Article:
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Thomas Stone High School graduate Dusty Hernandez-Harrison has been talk of the town, even though his latest boxing matches have been away from town.

That’s about to change.

Hernandez-Harrison, a Washington, D.C., resident, is planning to fight at home next month. His promoter, All-In Entertainment owner Jeff Fried, said the time has come for that hometown fight and it will happen.

“Dusty has another hectic year ahead, starting with his D.C. homecoming on June 27 at the Washington, D.C., Convention Center,” Fried said. “Other area stars will be on that card are Antoine Douglas and Jerry Odom, both future world champions.”

Fried added, “There’s much in store for Dusty’s continued national and international growth for the rest of 2014, although we discuss internally one bout at a time and is Dusty and Buddy’s singular focus. I have the planning in place for his next four bouts.”

Hernandez-Harrison, who just turned 20 on May 21, is still the undefeated welterweight Youth title belt holder after a fourth-round TKO over Roberto Valenzuela of Sonora, Mexico, at the Mountaineer Casino, Racetrack & Resort in Chester, W.Va., on May 17.

Hernandez-Harrison improved to 22-0 with 12 knockouts. He followed his father’s orders and boxed, making use of his height and long arm reach and kept Valenzuela on the outside for a great bit of the fight. Valenzuela (69-67) came into the bout with 57 knockouts.

“Dusty’s fight went just as we planned,” father and trainer Buddy Harrison said. “He finally listened instead of doing his own thing. He would much rather slug it out and I prefer him to box and take advantage of his 6-foot frame and his blessed arm reach.”

Hernandez-Harrison controlled the tempo of the fight, giving Valenzuela the standing-eight count twice in Round 3 and two more times in Round 4 of the scheduled eight-rounder.

“The rules in professional boxing are a little different there [in West Virginia],” Hernandez-Harrison said. “They give standing-eight counts and being though I am never on the receiving end of one, that rule does not affect me what so ever. The people in West Virginia treated me great and asked several times when I’d be fighting there again.”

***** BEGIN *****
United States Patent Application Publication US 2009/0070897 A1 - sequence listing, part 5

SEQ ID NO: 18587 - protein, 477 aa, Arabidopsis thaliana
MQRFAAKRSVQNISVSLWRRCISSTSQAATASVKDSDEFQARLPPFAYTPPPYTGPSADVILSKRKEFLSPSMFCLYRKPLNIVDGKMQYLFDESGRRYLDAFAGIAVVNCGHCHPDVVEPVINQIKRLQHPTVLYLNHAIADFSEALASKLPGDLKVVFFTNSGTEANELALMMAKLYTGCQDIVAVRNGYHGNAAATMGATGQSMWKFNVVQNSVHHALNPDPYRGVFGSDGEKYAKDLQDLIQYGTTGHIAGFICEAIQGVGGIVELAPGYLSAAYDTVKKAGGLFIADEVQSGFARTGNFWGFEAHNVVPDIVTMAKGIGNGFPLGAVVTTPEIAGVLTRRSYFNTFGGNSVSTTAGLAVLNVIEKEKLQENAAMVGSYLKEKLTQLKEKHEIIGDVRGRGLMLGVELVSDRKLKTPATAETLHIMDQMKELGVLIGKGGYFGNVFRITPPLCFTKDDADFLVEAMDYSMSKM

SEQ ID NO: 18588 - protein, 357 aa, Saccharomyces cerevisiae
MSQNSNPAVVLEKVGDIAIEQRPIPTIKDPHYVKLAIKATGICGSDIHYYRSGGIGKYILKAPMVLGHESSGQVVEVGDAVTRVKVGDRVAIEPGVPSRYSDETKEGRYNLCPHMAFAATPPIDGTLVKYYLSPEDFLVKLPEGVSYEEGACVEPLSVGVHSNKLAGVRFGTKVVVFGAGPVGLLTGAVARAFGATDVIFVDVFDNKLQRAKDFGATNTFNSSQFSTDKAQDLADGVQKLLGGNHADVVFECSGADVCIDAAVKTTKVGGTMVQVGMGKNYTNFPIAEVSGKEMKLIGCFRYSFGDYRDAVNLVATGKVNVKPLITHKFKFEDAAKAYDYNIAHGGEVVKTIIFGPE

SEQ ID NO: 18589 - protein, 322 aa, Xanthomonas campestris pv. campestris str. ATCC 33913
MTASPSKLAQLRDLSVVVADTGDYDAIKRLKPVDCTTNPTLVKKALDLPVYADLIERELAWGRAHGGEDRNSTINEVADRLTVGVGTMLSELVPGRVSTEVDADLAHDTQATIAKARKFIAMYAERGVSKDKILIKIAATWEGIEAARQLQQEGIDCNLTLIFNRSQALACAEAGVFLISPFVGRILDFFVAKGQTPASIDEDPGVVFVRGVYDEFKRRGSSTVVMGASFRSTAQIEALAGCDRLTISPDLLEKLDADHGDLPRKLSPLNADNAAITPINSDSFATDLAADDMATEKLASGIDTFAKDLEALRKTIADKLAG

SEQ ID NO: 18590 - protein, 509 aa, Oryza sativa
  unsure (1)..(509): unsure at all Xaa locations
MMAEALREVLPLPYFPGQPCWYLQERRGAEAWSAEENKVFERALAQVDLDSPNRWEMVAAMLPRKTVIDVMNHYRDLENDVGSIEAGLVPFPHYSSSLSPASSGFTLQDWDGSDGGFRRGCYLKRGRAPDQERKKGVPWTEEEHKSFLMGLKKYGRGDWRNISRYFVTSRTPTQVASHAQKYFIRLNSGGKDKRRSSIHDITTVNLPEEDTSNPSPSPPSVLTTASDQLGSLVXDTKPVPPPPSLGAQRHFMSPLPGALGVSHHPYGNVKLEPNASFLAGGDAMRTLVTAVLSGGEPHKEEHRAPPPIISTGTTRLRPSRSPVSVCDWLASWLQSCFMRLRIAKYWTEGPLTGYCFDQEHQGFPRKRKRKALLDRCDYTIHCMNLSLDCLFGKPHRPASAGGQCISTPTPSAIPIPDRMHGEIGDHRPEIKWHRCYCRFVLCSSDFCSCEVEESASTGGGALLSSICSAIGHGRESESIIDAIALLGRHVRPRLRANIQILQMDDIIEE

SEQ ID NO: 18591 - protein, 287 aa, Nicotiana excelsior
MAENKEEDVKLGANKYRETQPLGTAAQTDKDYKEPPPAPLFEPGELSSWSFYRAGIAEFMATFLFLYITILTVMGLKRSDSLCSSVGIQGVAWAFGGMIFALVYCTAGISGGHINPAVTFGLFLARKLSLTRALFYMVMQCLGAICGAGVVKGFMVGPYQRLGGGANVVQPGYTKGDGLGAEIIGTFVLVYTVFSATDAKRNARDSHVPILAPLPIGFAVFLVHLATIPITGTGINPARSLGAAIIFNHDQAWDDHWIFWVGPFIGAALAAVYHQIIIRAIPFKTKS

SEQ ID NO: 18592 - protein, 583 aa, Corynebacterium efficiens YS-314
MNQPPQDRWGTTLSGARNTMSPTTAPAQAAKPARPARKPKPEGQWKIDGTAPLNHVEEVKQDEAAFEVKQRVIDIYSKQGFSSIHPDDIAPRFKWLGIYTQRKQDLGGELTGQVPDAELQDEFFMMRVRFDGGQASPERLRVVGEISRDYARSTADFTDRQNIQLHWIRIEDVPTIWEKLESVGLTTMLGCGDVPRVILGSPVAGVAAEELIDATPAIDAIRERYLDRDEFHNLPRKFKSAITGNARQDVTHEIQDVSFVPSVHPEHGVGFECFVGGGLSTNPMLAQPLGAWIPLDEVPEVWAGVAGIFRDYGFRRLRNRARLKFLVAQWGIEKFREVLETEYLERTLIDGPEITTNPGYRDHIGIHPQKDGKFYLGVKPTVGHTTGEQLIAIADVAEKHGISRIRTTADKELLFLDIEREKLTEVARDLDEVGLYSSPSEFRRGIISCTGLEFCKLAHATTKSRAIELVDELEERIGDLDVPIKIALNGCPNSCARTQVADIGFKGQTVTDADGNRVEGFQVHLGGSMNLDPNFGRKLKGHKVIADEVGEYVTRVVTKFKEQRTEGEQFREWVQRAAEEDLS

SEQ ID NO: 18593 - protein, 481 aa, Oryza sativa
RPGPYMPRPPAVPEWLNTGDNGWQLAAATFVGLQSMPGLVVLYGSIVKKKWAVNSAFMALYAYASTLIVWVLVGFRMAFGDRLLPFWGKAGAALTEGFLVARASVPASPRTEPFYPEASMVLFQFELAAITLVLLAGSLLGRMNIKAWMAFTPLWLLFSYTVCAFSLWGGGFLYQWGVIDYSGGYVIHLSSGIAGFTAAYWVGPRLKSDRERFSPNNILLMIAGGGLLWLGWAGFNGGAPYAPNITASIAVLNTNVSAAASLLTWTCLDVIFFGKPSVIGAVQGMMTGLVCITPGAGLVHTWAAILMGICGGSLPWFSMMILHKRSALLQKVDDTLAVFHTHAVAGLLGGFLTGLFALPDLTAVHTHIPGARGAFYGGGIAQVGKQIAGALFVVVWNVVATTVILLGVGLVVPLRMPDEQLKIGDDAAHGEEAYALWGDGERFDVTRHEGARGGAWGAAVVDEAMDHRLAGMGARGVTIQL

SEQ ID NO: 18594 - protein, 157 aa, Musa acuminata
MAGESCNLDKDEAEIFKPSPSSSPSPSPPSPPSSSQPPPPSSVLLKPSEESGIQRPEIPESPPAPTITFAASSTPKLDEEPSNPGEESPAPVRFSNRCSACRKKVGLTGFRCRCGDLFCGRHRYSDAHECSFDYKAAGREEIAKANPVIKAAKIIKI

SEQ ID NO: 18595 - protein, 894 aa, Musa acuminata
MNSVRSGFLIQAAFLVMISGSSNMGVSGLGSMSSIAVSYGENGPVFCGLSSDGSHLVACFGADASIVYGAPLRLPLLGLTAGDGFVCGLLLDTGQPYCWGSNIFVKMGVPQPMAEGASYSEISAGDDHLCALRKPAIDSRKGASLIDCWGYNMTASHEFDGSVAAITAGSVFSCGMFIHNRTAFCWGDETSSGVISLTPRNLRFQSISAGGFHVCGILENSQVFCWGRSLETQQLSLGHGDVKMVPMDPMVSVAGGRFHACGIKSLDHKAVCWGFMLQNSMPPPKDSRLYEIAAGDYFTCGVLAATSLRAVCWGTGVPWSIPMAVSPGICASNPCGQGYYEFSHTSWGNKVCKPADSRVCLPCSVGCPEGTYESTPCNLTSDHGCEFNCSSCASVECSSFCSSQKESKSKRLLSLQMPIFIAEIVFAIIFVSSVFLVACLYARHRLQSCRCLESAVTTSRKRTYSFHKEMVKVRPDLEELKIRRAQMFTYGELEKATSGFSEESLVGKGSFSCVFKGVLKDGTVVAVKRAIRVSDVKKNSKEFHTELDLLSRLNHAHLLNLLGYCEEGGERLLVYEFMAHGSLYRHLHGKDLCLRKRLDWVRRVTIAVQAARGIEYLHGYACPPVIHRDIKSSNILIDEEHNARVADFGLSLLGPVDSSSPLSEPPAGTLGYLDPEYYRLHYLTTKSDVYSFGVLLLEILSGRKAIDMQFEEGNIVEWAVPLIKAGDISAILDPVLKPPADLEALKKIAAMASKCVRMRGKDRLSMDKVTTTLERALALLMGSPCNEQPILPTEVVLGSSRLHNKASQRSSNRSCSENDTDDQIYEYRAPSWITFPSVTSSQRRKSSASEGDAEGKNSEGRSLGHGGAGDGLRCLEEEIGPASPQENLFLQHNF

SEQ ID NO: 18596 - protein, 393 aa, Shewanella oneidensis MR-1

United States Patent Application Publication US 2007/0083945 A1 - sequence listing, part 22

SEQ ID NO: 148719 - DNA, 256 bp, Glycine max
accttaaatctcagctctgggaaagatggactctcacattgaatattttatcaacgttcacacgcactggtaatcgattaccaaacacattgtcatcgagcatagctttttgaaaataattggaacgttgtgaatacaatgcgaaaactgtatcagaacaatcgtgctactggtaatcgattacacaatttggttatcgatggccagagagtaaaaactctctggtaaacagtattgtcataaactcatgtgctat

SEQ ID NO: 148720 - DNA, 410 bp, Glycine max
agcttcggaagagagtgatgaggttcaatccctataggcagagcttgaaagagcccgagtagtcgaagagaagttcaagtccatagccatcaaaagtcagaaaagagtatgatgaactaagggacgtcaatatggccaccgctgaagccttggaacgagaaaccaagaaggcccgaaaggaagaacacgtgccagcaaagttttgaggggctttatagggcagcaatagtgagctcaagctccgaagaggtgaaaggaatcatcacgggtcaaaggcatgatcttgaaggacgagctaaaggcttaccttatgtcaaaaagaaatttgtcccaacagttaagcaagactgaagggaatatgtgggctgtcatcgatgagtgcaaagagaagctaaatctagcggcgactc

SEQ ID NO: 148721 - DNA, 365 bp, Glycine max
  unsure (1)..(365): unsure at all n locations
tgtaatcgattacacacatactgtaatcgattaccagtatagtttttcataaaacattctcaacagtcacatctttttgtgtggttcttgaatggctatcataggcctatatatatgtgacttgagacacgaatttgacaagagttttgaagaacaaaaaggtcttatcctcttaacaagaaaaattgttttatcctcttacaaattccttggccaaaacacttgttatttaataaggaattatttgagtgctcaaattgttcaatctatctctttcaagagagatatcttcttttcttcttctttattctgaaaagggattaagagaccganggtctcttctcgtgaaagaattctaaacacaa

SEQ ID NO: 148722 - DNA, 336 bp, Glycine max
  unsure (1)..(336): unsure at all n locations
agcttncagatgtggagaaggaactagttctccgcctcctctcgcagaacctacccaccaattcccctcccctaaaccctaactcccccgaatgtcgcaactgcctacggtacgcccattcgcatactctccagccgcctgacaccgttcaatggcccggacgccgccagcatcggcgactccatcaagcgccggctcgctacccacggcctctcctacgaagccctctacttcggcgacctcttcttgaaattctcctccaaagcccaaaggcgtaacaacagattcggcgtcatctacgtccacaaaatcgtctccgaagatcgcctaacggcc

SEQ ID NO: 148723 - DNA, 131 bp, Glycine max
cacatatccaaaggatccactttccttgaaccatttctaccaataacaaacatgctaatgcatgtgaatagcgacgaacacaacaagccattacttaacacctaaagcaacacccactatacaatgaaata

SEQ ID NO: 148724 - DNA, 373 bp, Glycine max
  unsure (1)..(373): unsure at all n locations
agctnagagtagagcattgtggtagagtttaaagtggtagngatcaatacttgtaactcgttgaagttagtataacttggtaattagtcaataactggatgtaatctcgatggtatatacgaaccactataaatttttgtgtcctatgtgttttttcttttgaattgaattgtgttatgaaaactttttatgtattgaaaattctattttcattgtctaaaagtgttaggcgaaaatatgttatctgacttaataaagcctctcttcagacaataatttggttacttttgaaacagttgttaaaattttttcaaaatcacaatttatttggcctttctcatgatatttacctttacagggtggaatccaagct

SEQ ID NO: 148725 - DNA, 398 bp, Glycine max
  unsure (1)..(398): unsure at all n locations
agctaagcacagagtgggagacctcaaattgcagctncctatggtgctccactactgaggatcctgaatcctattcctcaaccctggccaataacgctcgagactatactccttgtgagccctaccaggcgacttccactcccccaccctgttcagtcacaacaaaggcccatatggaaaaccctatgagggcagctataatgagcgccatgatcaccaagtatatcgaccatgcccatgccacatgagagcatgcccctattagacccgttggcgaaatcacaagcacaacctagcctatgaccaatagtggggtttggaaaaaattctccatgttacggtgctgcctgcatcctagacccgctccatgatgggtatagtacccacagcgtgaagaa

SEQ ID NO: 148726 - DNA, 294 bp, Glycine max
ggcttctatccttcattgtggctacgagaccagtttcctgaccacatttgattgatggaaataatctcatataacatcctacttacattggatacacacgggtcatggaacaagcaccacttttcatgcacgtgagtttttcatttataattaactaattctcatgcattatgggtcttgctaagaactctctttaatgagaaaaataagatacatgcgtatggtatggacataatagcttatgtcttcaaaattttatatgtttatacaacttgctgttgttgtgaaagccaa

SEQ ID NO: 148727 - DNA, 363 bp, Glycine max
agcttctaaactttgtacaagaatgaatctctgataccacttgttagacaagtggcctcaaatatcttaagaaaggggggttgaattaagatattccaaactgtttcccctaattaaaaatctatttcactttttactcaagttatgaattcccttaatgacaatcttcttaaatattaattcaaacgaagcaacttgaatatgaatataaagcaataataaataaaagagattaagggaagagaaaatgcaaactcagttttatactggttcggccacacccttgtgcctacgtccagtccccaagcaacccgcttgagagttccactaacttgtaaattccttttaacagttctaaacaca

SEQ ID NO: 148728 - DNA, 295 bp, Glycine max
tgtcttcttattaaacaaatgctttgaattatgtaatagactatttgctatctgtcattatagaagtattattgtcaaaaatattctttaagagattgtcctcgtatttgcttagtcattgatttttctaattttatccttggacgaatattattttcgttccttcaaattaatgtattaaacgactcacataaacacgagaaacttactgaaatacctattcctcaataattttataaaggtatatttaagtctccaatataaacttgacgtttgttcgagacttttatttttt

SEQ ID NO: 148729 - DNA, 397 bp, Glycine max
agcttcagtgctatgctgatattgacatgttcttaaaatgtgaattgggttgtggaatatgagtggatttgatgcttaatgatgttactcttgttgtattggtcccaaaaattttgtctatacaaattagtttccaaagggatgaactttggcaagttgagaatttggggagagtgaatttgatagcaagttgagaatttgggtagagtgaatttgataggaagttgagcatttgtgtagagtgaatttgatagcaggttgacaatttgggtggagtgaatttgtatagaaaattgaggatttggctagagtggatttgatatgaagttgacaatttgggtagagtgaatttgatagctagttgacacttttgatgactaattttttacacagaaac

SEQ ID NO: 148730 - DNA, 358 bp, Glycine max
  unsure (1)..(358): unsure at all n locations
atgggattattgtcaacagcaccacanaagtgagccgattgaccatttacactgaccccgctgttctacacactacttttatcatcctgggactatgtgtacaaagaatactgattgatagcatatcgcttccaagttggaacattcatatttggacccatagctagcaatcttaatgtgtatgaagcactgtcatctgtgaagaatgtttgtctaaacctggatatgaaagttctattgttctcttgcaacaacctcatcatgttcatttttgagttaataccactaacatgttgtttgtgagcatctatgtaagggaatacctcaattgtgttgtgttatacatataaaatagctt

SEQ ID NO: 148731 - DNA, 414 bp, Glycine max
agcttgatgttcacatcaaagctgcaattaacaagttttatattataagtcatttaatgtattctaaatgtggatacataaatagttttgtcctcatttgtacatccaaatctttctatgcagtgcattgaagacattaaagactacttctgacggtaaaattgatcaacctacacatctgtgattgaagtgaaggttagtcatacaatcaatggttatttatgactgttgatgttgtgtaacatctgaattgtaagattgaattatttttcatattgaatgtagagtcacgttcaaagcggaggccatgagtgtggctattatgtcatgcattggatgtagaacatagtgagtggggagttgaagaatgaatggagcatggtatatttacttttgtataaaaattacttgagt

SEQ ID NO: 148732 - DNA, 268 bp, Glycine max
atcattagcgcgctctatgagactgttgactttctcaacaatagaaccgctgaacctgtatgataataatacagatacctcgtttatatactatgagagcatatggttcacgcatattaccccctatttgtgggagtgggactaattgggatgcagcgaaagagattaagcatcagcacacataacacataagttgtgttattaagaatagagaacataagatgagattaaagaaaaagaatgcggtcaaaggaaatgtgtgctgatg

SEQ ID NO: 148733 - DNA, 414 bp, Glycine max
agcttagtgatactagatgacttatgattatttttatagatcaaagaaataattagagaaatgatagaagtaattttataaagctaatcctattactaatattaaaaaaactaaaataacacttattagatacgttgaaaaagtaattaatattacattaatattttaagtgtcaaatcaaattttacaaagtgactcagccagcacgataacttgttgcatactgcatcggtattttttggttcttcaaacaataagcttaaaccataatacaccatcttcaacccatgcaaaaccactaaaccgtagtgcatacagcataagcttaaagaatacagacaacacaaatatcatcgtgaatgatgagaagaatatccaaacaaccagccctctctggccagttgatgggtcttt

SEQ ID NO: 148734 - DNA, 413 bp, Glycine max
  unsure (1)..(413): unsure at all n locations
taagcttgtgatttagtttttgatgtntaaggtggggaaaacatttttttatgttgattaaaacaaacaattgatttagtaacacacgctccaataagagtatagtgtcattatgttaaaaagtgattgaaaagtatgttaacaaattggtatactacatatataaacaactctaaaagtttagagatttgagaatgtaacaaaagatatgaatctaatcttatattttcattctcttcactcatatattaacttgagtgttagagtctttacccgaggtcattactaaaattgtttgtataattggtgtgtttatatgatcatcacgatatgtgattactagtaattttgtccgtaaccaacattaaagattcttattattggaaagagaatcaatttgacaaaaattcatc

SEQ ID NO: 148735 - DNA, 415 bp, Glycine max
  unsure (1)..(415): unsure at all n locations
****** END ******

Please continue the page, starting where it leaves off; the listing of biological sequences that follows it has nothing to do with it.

Hernandez-Harrison, who was a late addition to the West Virginia card, said he’s looking forward to fighting back at home.

“Hopefully, I will get to see all my family, friends and fans on June 27 in Washington D.C.,” Hernandez-Harrison said. “I miss fighting at home and would prefer to have all of my fights right here in the Nation’s Capital.”

Buddy Harrison said his phone has been ringing non-stop since word got out that Hernandez-Harrison would be fighting back in the District.

“Jeff Fried is working overtime to make this [fight[ happen,” Buddy Harrison said. “Perhaps one day he will be fighting outside at the RFK Stadium [in Washington, D.C.].”

Golden Gloves team comes home second

The Washington, D.C. Regional Golden Gloves team returned last weekend with a second place team trophy.

“I’m proud of them. They gave it their all and represented the region well,” Washington Golden Gloves President Bobby Magruder said. “We won second place nationally out of 30 regions which is great. Everyone was well-coached and they stuck together as team, win or lose, and I’m very proud of them.”

History was made at the National Golden Gloves Tournament of Champions in Las Vegas on May 17, when Gary Antuanne Russell won the 141-pound national championship.

For the first time in Golden Gloves history, four brothers have become national champions. Gary Russell Jr. won in his bout in 2005. Gary Allen Russell III won in 2010 and Gary Antonio Russell won in 2013 prior to Gary Antuanne’s win this year. Gary Antonio Russell was runner-up in his division in 2014.

Local referees Brent Bovell, Latasha Washington, Marshall Cunningham and Mack Allison were a part of the action in Las Vegas.

“Our referees did a great job and [ringside doctor] Dr. [Robert] Davison [Jr.] did an excellent job as well,” Magruder said. “It was definitely a happening place.”

Regional champions who won at the Waldorf Jaycees Community Center in April advanced to box in Las Vegas.